This 2017 file photo of Terrelle Pryor Sr. of the Washington Redskins NFL football team. (AP Photo/File)NEW YORK (AP) — Terrelle Pryor is hoping for a Big-Apple bounce-back with the Jets.The former Washington wide receiver signed with New York after one disappointing season with the Redskins.The Jets announced the signing Sunday. Terms of the deal, which were agreed to on Thursday night, were not immediately known.Pryor had free agent visits with both New York and Seattle, and also had interest from Cleveland, before he agreed to sign with the Jets.“I’m so happy to be a part of this organization and this team, this young team,” Pryor said in a video posted on the team’s Twitter page . “I’m excited. It’s time to get to work. Jet up!”Pryor, who turns 29 in June, gives the Jets some depth at wide receiver, where they also have Jermaine Kearse, Quincy Enunwa and Robby Anderson, along with second-year pros Chad Hansen and ArDarius Stewart.Anderson’s status is uncertain, however, after he was arrested in Florida in January on several charges, including threatening a police officer’s family and saying he would rape the officer’s wife. He was also arrested last May and charged with resisting arrest after sparring with officials who asked him to leave a Miami music festival.His hearing has been postponed until August.“I am really hopeful Robby will put this thing behind him and be the kind of all-around person that will make people proud to wear (his) No. 11 jersey,” Jets acting owner Christopher Johnson said Sunday at the NFL meetings.“I haven’t talked with the coaches about Robby. I honestly think he is remorseful and trying to get himself in a better place. I believe him.”Pryor signed a one-year, $6 million deal with Washington last year after having a breakout season with Cleveland in 2016, when he had 77 catches for 1,007 yards and four touchdowns in his first year as a full-time wide receiver. He was being counted on to replace the departed receiving duo of Pierre Garcon and DeSean Jackson, but injured an ankle in Week 2 and tried to play through it. He finished the year on injured reserve and had ankle surgery, ending the season with just 20 catches for 240 yards and one touchdown.He had more than three catches in a game just once last year — in the season opener — and Washington allowed Pryor to leave as a free agent. The former Ohio State quarterback-turned-receiver now has a chance to return to form as a potential deep threat for the Jets in new coordinator Jeremy Bates’ offense.This marks the latest stop in what has been a wild football journey for Pryor, who has also spent time with Oakland, Seattle, Kansas City and Cincinnati in the NFL.Pryor, a top high school recruit from southwestern Pennsylvania, was the starting quarterback for Ohio State from 2008-10 and became one of college football’s most exciting players. He threw for 6,177 yards and 57 touchdowns and ran for 2,164 yards and 17 scores in three seasons with the Buckeyes.But Pryor withdrew from Ohio State in June 2011 after a memorabilia-for-cash-and-tattoos scandal that resulted in a five-game suspension and ultimately led to coach Jim Tressel’s resignation. Two months later, Pryor was selected by Oakland in the NFL supplemental draft.He played in just four games during his first two seasons with the Raiders, including one start at quarterback. Pryor started nine games in 2013 with shaky results, throwing for two TDs and 11 interceptions before being benched in favor of Matt McGloin following a sprained knee ligament earlier in the season.Pryor was traded to Seattle before the 2014 NFL draft, but was among the Seahawks’ final cuts. He sat out the entire season despite having workouts with several teams. Kansas City signed him in January 2015, but then released him five months later. Pryor briefly joined Cincinnati, but was again cut — and then announced that he would be willing to play wide receiver on a full-time basis.Cleveland claimed Pryor off waivers and he played in three games for the Browns, who named him a starter at wide receiver the following season. Despite still being raw at the position, Pryor’s athleticism and versatility was on full display in 2016 as he led the Browns in receptions, yards receiving, TD catches, yards per game and yards per catch.In a game at Miami, he became the first player since Hall of Famer Frank Gifford of the Giants in 1959 to have at least 120 yards receiving (144), 30 yards passing (35) and 20 yards rushing (25) in a game. He also played a snap at safety and became the first player since San Francisco’s Billy Kilmer in 1964 to have three catches, carries and passes in a game.With the Jets, Pryor is reunited with two teammates from that Cleveland team: quarterback Josh McCown and running back Isaiah Crowell.Pryor parlayed his promising season with the Browns into a nice payday with the Redskins, and things started off well as he had six catches for 66 yards in the opener. But his production was inconsistent from that point before the ankle injury ended his season — and, it turned out, his tenure in Washington — after Week 11.___For more NFL coverage: http://www.pro32.ap.org and http://www.twitter.com/AP_NFL
Like us at https://www.facebook.com/pages/New-Pittsburgh-Courier/143866755628836?ref=hlFollow @NewPghCourier on Twitter https://twitter.com/NewPghCourier BILL NEAL:10—Of course this is not a shoutout to the likes of Hosea Champine, Norm Nixon, John Marshall, Kirk Bruce, Ron Carter, Sam Clancy, Myron Brown, Bobby Franklin, B.B. Flenory, Magic Mike Williams, Kenny Durrett, Bobby Byrd or Billy Varner…your legend was already in place! No, this is “a call to arms for the other 5,060 or so players that played in the nationally-recognized, top 10-rated Connie Hawkins Summer League that more than likely may have never been recognized beyond your last glorified high school game. On Saturday, May 5, we will honor and memorialize the late great Connie Hawkins. Do the right thing man and come pay your respects to the man that put you on the map!:09—Sooooo, while I have your attention, here’s your info for the next to last time. Friday, May 4, “Live” at The Savoy Restaurant (2623 Penn Avenue, zip code 15222). Come one, come all to welcome home the 1968 ABA World Champion Pittsburgh Pipers. 6 p.m. until, $5 cover, free parking, cash bar, cash kitchen, dress to impress. Saturday, May 5, noon press conference at the Marriott Hotel City Center, Downtown Pittsburgh. Then at 2 p.m., the Pittsburgh Bullets ABA team will showcase a tribute exhibition game and clinic for kids at the Thelma Lovette YMCA (2114 Centre Avenue, zip code 15219) in honor of the champions. Then at 6 p.m., cocktail reception for the event at the Marriott. Then at 7 p.m., dinner and awards presentation honoring the Pipers, Connie Hawkins and the 2018 Connie Hawkins Hall of Fame Inductees. Special guest speakers include the legendary Billy Knight, former L.A. Laker Ron Carter and former Boston Celtic B.B. Flenory. $50 in advance, $75 at the door, not formal. Dress to impress. Parking at cost. For additional information, please call Achieving Greatness Inc. at 412-628-4856, Monday through Saturday, 8 a.m. to 8 p.m.:08—Hey, while I am shouting out stuff, let’s have a shoutout for all the people that helped make this historic night possible. Major Mark Whited. The Mark Cuban Foundation. The New Pittsburgh Courier. The Phoenix Suns. The Pittsburgh Penguins. State Representative Austin Davis. City Councilman R. Daniel Lavelle. Chuck Sanders Charities. Gary White. Frank B. Fuhrer Wholesale Co. Attorney Glenn Mahone. Attorney William Goodrich. Attorney Jack Goodrich. J.T. Thomas. The Tribune Review. Larry Richert of KDKA Radio.:07—Lord, please don’t let Kevin Cameron be right about the Pittsburgh Pirates, but if the pitchin’ don’t hold up, the bats don’t mean jack. Now that’s teamwork.:06—Yeah, I know the NFL draft is on Thursday, April 26, but I won’t be watching. Call me when we’ve made our selection, then you got my attention.:05—But if you really want to know who, what, when, where and why, tune into Soul Take—Champions Live Sports Talk Show every Wednesday…go to urbanmediatoday.com and get reminded of how much you don’t know, but you think you know. Brought to you by Urban Media Today, the New Pittsburgh Courier and Cameron Professional Management. Starring Kevin Cameron, Bill Neal and a cast of the greatest sports minds in the business. To get on board – firstname.lastname@example.org or call Achieving Greatness Inc. at 412-628- 4856.:04—Man, you know the Black Panther is all that if it’s still playing at theaters and at prime time slots. It’s been over a month. They used to call that “Black Power!!!”:03—BTW, if you still have doubts about me proclaiming Jim Thorpe the greatest athlete of all time, just pull up or rent the movie Jim Thorpe—All American. You – Will – Be – Amazed. Look, the man and one other Native American beat an entire track team by themselves . . . just Google it.:02—To the world, and to my good friend, and the family and close friends of the late great “Super Champion” Bruno Sammartino, farewell to a true legend!!! (FYI – he sold out Madison Square Garden 108 times . . . C’mon man!)Dexter Westbrook driving against “The Hawk”:01—In continuing to showcase the members of the Pittsburgh Pipers World Champions, pictured here are Dexter Westbrook driving against “The Hawk” before getting traded to the Pipers weeks later, and sharp shooter Barry Leibowitz.Barry Leibowitz:00—GAME OVER.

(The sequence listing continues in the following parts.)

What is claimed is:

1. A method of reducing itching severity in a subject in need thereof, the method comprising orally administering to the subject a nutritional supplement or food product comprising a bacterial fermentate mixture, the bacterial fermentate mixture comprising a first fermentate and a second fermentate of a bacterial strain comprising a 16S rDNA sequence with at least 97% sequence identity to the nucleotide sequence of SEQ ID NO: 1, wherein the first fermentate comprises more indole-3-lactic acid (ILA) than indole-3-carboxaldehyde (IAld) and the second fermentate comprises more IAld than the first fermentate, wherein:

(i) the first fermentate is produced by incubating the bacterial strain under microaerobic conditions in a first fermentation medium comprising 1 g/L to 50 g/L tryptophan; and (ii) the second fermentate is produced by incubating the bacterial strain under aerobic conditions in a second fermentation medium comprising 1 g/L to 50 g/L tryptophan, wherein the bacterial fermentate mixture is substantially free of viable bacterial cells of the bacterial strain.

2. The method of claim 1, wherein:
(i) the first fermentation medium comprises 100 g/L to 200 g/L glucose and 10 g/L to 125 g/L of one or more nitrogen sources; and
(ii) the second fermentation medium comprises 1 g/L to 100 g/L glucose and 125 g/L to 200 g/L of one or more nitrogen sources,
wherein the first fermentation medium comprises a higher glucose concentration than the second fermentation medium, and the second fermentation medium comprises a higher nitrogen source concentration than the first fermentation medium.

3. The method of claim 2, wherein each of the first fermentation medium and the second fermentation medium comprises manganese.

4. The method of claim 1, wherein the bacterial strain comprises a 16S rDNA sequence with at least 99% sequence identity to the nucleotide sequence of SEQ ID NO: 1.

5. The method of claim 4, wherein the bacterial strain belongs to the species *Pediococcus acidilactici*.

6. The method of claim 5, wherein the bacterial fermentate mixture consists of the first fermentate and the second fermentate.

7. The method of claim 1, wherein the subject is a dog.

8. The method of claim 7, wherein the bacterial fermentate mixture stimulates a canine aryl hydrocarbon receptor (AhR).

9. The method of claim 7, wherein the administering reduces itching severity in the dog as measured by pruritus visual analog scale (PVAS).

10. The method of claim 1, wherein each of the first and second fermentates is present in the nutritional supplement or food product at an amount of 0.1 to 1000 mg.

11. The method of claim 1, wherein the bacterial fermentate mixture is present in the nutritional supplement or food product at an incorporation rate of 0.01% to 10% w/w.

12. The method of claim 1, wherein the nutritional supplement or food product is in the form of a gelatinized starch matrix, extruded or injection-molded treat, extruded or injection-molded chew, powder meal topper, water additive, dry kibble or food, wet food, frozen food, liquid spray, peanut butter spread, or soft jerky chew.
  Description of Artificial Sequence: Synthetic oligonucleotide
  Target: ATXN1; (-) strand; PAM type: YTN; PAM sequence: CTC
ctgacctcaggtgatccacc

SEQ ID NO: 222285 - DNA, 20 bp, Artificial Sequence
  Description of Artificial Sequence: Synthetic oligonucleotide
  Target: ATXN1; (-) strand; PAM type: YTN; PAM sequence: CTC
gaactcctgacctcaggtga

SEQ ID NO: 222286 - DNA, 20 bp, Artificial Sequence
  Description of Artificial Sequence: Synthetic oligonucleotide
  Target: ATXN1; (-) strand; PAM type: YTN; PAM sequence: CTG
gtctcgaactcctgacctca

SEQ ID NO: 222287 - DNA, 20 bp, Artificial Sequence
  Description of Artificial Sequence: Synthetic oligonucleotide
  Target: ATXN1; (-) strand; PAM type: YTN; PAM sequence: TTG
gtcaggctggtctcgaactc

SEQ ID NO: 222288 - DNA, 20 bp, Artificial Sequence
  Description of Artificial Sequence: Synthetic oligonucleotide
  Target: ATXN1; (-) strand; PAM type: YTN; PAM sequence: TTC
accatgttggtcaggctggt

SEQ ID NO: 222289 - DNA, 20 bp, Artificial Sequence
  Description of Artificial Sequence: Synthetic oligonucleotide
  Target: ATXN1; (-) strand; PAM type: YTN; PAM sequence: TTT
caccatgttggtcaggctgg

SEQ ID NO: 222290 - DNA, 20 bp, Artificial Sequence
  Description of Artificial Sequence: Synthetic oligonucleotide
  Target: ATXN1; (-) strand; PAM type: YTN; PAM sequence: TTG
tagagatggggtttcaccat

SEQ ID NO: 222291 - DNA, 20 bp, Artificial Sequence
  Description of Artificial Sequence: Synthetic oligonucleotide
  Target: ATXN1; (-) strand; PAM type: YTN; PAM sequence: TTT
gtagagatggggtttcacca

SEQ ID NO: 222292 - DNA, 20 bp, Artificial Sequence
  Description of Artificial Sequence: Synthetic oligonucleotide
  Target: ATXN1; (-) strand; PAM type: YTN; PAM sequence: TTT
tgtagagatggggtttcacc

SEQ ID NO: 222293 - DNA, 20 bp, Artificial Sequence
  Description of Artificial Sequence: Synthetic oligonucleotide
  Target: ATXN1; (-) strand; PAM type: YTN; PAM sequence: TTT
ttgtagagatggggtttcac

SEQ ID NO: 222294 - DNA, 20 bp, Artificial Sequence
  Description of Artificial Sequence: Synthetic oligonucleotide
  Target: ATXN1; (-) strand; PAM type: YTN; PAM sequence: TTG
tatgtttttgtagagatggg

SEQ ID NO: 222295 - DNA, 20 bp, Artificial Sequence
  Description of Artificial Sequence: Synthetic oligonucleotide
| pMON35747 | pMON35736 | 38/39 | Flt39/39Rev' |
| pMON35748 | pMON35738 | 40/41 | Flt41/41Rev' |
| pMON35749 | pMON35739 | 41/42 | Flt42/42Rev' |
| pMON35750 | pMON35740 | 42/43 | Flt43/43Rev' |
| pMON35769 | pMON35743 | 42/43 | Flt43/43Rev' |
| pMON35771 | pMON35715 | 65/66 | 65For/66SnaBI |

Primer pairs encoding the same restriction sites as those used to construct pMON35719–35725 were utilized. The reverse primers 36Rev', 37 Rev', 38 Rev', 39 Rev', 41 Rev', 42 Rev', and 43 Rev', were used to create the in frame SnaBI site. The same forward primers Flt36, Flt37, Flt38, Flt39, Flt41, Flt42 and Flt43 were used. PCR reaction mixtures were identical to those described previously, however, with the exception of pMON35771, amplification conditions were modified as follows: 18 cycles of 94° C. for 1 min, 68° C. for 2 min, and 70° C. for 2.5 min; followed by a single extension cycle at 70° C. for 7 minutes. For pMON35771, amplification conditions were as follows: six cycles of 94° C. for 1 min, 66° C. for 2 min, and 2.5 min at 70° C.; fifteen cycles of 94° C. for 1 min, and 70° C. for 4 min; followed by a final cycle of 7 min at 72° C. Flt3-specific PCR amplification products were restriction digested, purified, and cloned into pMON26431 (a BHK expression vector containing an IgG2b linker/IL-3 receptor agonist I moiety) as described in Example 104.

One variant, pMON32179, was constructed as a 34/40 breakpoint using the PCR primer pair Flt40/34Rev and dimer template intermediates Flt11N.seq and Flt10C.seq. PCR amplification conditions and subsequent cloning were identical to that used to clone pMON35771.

Stephen F. Austin sophomore and Southland Male Newcomer of the Year Charles Mathenge finished the course in a time of 29:58 – roughly a 4:50 mile pace – to break his second school record of the season and capture a seventh-place finish. The Ol Kalou, Kenya, native also owns the school record in the 8K (23:42) after his runner-up performance at the Conference Championships on Nov. 3. Mathenge also earns a spot in the upcoming NCAA National Championship race and is a NCAA All-Region honoree. The NCAA Division I Cross Country Championship selection show will take place tomorrow afternoon at 2 p.m. CT, and will stream live on NCAA.com. Lamar freshman runner Minttu Hukka was the top Southland women’s finisher as she placed 14th in the 6K race with a time of 20:43.6 and took home NCAA All-Region honors. Hukka was named Southland Freshman and Athlete of the Year after winning the Conference Championship race on Nov. 3. Hukka was followed by teammate and first team all-conference selection Leigh Lattimore, who finished 17th in 20:52. Lamar’s Verity Ockenden, a first team all-conference selection, also finished in the top 25 with a time of 21:02.6. Lattimore and Ockenden each were NCAA All-Region honorees. FAYETTEVILLE, Ark. – The Lamar men’s cross country team finished third at the NCAA South Central Regional hosted by Arkansas Friday afternoon, while the Lamar women came in fourth. Lamar’s Sam Stabler and Stephen F. Austin’s Charles Mathenge each punched a ticket into the NCAA National Championships with their top-10 individual finishes at the regional race. Three Southland women’s runners placed in the top 25 and claimed NCAA All-Region honors, while Lamar had a fourth-place team finish. Southland runner-up Stephen F. Austin came in ninth, McNeese State 13th, Sam Houston State 15th, Houston Baptist 18th and Texas A&M-Corpus Christi 19th. A total of ten Southland men’s and women’s runners earned NCAA All-Region honors after finishing in the top 25 of the NCAA Regional race. Lamar senior runner Sam Stabler, who was Southland Conference Male Athlete of the Year and league champion, ran the Agri Park 10K course in 29:35.9. Stabler ran a personal career best 10,000-meter time and claimed NCAA All-Region honors. The Leicester, England (Ratcliffe College), native finished third out of 152 total runners and 23 teams to earn a spot in the NCAA National Championships Nov. 22 in Terre Haute, Ind. Men’s ResultsWomen’s Results Lamar’s Jan Lukas Becker and Southland Male Freshman of the Year finished the race course 12th in a time of 30:09.6 and earned NCAA All-Region honors. Central Arkansas’ Jonathan Burgess came in 16th, Stephen F. Austin’s Cody Brown 19th, Texas A&M-Corpus Christi’s Philipp Baar 20th and Lamar’s Alex Dunbar 24th, each claiming a spot on the NCAA All-Region list. Seven Southland men’s runners finished in the top 25 and earned NCAA All-Region honors as Lamar and Stephen F. Austin had top-five team finishes. Lamar’s third-place finish was followed by Stephen F. Austin in fifth place. McNeese State men and Central Arkansas men finished ninth and 10th, while Texas A&M-Corpus Christi came in 13th, Sam Houston State 17th, and Houston Baptist 21st. A total of 31 teams compete as a team at the NCAA Division I Championships with 18 automatic bids from the top two teams at each regional, 13 bids are at-large. After teams have been determined, 38 additional individuals per gender are selected. After teams have been determined, 38 additional individuals per gender are selected to compete. From those teams not selected in the above process, the top four finishers at each regional are automatically selected but must have finished within the top 25 of the region. Two additional athletes will be selected from the remainder of the national pool as at-large individuals but must have finished in the regional top 25.